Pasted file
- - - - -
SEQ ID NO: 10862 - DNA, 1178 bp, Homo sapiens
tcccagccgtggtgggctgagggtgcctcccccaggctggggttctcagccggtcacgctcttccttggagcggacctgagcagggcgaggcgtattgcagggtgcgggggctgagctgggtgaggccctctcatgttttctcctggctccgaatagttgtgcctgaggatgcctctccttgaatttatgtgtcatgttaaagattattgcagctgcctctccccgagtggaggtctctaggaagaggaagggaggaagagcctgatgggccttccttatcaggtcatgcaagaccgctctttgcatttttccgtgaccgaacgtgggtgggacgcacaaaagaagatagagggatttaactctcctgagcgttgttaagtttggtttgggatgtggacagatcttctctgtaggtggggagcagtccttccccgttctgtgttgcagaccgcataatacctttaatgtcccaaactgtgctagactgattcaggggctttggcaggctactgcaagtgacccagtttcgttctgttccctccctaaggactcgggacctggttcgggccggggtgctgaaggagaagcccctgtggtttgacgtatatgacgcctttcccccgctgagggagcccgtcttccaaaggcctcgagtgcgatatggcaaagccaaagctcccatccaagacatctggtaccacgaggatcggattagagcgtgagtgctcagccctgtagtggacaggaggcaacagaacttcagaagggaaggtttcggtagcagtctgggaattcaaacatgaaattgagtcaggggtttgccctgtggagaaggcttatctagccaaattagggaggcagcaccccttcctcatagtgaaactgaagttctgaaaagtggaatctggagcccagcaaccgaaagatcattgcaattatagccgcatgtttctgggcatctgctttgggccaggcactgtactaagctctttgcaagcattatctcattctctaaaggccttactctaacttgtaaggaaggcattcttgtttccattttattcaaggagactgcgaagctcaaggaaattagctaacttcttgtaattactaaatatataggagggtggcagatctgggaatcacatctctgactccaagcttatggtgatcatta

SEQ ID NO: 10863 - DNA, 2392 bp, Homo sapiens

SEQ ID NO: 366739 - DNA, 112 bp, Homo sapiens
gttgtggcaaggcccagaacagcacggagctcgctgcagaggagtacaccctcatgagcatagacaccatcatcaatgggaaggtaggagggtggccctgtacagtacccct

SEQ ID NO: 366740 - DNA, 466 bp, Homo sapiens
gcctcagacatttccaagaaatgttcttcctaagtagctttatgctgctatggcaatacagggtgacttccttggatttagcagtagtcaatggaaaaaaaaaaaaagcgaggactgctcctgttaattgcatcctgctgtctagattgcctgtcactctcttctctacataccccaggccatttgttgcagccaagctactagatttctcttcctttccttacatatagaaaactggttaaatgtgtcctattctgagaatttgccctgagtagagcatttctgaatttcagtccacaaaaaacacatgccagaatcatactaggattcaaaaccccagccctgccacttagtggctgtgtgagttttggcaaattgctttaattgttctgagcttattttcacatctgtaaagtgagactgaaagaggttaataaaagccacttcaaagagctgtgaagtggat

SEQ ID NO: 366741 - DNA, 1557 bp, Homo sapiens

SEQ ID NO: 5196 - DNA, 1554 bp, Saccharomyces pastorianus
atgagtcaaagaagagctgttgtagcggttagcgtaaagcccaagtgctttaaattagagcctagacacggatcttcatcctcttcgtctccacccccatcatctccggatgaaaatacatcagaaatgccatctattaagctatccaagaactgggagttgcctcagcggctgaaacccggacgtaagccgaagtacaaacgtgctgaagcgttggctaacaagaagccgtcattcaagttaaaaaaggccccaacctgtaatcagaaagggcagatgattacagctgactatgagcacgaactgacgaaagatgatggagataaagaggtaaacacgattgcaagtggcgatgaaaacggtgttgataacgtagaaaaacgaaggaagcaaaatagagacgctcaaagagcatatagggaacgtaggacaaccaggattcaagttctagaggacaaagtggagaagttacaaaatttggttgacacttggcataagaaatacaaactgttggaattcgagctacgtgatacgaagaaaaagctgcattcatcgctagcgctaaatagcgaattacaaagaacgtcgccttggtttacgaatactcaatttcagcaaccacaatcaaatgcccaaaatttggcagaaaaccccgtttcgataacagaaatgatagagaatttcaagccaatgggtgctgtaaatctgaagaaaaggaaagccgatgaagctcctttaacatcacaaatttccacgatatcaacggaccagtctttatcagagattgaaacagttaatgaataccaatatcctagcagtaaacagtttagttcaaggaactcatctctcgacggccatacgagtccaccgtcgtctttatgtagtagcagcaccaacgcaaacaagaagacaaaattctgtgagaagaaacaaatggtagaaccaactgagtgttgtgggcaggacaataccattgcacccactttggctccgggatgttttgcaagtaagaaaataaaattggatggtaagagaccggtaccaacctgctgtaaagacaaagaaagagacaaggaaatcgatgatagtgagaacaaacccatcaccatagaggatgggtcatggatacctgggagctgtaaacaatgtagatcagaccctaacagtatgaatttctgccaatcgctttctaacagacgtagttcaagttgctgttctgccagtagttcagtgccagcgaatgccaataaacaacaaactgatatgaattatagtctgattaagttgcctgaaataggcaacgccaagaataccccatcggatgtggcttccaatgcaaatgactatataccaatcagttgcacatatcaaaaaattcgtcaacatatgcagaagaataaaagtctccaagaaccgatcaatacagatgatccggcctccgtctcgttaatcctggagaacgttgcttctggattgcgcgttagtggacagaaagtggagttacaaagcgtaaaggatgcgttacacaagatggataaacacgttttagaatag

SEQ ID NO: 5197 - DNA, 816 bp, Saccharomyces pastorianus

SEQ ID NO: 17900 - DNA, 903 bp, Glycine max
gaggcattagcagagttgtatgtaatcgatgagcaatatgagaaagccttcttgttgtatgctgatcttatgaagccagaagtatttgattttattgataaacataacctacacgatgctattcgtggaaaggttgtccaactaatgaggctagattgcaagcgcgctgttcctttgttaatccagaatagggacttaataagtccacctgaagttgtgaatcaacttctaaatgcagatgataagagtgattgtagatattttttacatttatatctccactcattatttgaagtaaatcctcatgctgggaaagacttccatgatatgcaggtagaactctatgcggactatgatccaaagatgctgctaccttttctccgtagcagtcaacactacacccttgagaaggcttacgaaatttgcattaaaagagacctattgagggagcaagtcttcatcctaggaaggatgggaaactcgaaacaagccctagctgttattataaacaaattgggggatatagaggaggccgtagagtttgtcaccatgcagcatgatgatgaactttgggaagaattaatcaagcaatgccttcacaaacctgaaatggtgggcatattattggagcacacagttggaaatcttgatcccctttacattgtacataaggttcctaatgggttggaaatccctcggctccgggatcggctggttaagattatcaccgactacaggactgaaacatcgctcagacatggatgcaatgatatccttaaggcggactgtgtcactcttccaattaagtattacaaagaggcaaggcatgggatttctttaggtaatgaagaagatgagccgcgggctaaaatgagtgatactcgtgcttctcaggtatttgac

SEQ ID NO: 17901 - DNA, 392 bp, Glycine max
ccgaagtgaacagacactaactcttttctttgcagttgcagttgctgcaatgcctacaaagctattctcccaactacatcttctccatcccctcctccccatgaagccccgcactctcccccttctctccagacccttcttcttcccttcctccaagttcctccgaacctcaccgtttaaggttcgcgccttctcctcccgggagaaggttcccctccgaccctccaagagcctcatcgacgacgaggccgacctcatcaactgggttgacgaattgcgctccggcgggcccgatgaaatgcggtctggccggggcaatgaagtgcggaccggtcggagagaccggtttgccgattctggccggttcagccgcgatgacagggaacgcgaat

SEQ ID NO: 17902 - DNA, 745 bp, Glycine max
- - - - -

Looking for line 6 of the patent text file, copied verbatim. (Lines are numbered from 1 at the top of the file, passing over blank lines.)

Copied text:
SEQ ID NO: 366740 - DNA, 466 bp, Homo sapiens